In any case, the writers aren’t likely to tell us who was most and least involved, but I wonder if they might have revealed this information to us indirectly. It seems reasonable to assume that those who were most enamored of the project would quote from and refer to the document most often. So I went back and checked who has referred to the Proclamation the most.
Last summer, I posted about some of the mental health-related challenges that I’d been facing in the previous year. It’s been about six months since I wrote that post, and I thought it would be interesting to write about some of the things that have happened since then.
I saw my psychiatrist a few days ago. He’s new, and we’re still getting to know each other. We agreed that I’m doing pretty well and there’s no need to tinker with my meds right now. I said, as I always do, that I’m still not convinced that I need to take them, and that I want to have another “me” who’s not on meds to be a control group, so that we can determine whether or not they are actually doing anything. He said we could do a double-blind study in which neither of us knew whether the meds were placebos, and see what happened. Except that he doubted we would get approval from the Human Subjects Research Board. I had to laugh. It’s always nice when mental health professionals have a sense of humor, and actually talk to you instead of lecturing. Read More
As I said in response to Galdralag’s post, my mission was a very positive experience overall, a sea change in my spiritual life. (It was also hard and unremitting, as missions are wont to be, and I’d never want to go through the daily proselyting slog again.) But in spite of my own positive experience I feel a little terror when I think about my children serving missions. I know people whose missions inflicted lasting damage on them–spiritually, emotionally, socially, even physically. I’m acquainted with a couple of men whose missions destroyed their testimonies, and more than a couple of men and women who endured emotionally abusive companions. Read More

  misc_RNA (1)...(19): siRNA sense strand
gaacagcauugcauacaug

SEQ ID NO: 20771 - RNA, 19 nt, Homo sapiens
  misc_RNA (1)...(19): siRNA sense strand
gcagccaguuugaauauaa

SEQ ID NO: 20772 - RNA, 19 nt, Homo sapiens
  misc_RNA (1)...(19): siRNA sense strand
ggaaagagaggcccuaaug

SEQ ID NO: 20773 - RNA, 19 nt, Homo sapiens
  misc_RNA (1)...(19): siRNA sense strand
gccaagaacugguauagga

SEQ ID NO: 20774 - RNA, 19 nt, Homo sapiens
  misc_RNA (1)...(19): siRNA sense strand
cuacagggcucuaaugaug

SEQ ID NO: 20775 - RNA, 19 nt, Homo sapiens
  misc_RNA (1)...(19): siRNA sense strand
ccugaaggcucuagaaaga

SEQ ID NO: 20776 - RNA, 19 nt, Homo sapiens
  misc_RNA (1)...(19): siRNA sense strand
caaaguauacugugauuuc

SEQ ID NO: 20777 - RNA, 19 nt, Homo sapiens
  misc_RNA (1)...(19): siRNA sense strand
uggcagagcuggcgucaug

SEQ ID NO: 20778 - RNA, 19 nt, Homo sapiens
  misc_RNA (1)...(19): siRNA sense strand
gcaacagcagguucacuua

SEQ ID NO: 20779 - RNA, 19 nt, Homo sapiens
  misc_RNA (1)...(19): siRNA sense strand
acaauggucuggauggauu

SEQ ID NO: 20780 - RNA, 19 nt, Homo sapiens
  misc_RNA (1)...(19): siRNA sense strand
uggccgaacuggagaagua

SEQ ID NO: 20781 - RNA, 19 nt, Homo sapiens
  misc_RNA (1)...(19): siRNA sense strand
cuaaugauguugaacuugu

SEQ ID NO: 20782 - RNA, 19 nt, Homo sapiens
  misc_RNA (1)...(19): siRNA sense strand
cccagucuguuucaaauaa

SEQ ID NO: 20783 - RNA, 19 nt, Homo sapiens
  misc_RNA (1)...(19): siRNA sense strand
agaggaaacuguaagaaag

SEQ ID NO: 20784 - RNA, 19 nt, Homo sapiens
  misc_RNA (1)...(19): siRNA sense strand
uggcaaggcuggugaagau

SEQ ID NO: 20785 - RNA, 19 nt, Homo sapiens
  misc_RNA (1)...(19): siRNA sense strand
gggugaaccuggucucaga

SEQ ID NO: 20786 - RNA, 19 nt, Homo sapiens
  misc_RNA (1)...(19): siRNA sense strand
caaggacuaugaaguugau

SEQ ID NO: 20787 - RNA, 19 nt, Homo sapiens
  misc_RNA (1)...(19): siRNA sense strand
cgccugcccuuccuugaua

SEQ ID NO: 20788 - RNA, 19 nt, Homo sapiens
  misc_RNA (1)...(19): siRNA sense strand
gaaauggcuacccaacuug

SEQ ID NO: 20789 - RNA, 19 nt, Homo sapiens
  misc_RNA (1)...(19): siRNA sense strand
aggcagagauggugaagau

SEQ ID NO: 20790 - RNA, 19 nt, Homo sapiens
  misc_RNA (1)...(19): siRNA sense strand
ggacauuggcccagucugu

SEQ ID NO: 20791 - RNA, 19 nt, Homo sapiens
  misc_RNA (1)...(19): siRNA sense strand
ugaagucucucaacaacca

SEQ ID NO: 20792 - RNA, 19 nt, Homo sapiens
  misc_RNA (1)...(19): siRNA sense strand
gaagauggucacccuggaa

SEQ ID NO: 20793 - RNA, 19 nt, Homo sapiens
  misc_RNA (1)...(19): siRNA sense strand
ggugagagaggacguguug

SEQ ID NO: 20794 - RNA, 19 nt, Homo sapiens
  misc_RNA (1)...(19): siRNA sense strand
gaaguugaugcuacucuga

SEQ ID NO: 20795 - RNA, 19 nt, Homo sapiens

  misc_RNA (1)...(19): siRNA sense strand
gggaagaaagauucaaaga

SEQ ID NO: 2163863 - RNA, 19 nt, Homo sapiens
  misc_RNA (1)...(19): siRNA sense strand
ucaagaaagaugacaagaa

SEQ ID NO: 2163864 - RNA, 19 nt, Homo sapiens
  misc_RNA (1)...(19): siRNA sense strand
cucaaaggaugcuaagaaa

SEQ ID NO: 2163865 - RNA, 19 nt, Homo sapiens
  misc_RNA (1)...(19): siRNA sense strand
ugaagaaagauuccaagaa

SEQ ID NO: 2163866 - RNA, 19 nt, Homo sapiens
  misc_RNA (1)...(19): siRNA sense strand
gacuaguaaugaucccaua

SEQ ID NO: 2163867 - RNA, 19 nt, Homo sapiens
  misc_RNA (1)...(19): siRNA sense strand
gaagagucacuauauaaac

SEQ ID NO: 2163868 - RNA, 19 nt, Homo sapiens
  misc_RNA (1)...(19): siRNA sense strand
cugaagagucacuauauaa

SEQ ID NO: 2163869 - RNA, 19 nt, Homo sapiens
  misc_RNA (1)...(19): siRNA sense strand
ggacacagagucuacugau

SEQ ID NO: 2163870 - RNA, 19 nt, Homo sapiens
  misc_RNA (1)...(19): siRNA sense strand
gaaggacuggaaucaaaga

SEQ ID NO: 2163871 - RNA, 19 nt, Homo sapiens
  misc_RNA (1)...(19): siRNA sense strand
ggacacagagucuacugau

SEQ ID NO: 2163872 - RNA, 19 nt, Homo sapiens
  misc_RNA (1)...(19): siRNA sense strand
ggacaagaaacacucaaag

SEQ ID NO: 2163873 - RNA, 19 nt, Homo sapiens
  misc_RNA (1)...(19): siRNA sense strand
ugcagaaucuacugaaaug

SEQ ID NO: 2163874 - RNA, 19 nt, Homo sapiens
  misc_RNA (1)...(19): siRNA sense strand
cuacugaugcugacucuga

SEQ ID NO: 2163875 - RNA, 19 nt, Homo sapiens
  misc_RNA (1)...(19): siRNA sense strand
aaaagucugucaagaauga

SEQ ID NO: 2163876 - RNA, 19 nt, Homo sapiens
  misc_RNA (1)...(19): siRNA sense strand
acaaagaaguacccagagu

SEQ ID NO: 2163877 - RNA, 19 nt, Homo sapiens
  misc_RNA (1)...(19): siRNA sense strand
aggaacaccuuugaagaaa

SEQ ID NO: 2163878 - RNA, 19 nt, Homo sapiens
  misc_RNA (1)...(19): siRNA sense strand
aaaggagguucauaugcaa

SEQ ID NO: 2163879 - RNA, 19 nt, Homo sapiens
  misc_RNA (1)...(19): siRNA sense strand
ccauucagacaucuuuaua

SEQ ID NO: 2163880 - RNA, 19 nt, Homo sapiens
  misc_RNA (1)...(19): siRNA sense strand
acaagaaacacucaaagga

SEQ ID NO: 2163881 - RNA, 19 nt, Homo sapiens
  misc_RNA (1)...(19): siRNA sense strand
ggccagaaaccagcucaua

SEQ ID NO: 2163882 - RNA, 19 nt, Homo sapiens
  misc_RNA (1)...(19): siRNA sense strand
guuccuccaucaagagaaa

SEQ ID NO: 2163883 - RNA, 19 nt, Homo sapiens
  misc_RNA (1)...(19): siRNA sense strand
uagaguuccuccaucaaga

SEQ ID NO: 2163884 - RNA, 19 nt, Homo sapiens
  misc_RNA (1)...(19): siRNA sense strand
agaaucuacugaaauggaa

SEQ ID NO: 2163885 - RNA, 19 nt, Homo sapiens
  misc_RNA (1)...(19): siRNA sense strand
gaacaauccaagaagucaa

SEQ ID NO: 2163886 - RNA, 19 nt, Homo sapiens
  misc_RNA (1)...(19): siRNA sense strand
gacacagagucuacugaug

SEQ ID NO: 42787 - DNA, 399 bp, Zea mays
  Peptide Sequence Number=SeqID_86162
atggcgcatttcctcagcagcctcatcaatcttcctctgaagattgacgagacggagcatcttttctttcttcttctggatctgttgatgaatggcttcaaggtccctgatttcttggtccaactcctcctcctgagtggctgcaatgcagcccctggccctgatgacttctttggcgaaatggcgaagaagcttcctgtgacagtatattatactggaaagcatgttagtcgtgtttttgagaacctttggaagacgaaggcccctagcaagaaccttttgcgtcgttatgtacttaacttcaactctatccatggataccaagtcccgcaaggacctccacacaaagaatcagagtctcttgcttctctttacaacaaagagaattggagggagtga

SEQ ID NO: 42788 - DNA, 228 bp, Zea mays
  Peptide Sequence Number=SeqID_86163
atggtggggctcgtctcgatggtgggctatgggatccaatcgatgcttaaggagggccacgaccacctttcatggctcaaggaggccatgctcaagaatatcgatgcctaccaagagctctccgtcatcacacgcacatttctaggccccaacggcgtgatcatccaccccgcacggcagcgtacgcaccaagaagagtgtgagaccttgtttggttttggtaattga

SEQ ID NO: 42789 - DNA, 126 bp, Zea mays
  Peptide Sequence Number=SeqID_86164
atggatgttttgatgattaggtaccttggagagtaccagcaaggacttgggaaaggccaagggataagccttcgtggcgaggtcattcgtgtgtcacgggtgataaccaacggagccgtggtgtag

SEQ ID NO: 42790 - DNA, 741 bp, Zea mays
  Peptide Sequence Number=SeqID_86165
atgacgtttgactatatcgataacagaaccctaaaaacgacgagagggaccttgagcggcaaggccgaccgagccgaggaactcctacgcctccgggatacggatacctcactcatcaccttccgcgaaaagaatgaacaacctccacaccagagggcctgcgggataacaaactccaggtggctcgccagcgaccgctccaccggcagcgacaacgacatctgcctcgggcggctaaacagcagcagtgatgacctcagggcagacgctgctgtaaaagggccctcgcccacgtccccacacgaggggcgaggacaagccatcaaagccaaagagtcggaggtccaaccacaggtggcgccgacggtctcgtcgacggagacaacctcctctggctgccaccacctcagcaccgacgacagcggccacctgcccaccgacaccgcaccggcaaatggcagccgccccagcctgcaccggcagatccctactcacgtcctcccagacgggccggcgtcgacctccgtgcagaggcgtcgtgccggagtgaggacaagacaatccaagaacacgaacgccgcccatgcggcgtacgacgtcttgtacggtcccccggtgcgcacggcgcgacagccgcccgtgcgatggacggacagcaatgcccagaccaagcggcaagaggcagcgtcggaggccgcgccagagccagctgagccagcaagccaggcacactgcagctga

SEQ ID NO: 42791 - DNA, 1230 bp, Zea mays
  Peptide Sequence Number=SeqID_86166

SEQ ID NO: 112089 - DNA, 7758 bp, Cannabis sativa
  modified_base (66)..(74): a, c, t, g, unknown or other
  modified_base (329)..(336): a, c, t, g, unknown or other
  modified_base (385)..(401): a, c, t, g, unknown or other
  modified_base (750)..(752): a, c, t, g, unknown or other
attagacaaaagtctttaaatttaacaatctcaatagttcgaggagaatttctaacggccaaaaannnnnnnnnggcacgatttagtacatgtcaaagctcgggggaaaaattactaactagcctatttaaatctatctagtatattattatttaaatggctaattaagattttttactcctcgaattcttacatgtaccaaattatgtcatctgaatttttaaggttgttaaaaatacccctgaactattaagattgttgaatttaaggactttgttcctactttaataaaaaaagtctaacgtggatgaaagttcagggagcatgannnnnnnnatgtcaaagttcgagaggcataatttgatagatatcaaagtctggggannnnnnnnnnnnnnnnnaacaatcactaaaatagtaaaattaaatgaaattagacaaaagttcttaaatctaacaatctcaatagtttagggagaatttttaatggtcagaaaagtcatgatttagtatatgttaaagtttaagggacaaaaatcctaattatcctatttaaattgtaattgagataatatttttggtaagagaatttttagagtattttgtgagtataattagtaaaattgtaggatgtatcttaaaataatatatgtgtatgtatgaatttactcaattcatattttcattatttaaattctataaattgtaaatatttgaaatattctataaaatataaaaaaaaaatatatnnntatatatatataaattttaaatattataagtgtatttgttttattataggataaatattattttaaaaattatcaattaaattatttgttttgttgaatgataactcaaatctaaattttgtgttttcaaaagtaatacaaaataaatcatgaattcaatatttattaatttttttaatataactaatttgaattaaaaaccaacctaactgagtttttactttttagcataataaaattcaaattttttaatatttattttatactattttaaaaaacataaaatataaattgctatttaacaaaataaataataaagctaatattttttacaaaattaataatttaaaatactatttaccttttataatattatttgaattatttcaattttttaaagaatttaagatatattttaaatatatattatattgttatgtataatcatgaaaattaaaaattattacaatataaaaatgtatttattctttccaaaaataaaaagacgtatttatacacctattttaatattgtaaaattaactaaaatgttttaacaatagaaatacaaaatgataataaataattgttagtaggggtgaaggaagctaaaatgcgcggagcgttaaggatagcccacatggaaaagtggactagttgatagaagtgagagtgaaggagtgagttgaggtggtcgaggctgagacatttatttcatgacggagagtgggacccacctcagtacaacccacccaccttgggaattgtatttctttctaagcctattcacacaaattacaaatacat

1) What is your current occupation?
2) What would be your dream job?
I’ve been thinking lately about some of the challenges of blogging. (Millennial Star recently had a really interesting discussion about Bloggernacle dynamics here, and I’ve also been thinking about some of the issues regarding audience that Eve raised several years ago in this post. Additionally, T&S recently had a conversation about the boundaries of the “Bloggernacle”, and its relationship to LDS blogs more generally.) And one particular question I’ve been contemplating goes back to a much-debated question: what are the issues at stake when we publicly discuss more difficult aspects of the church? (As long as I’m linking, I’m pretty sure that Kaimi had a post several years ago, which I can’t seem to find, on the question of whether we should ever say anything negative about the church when non-members might be listening.) Read More
A few days ago one of our readers, a 20-year-old college student and feminist who is considering serving a mission, sent in some questions about feminism and missionary service. With her permission I’m posting them here for you, our excellent readers, to weigh in on: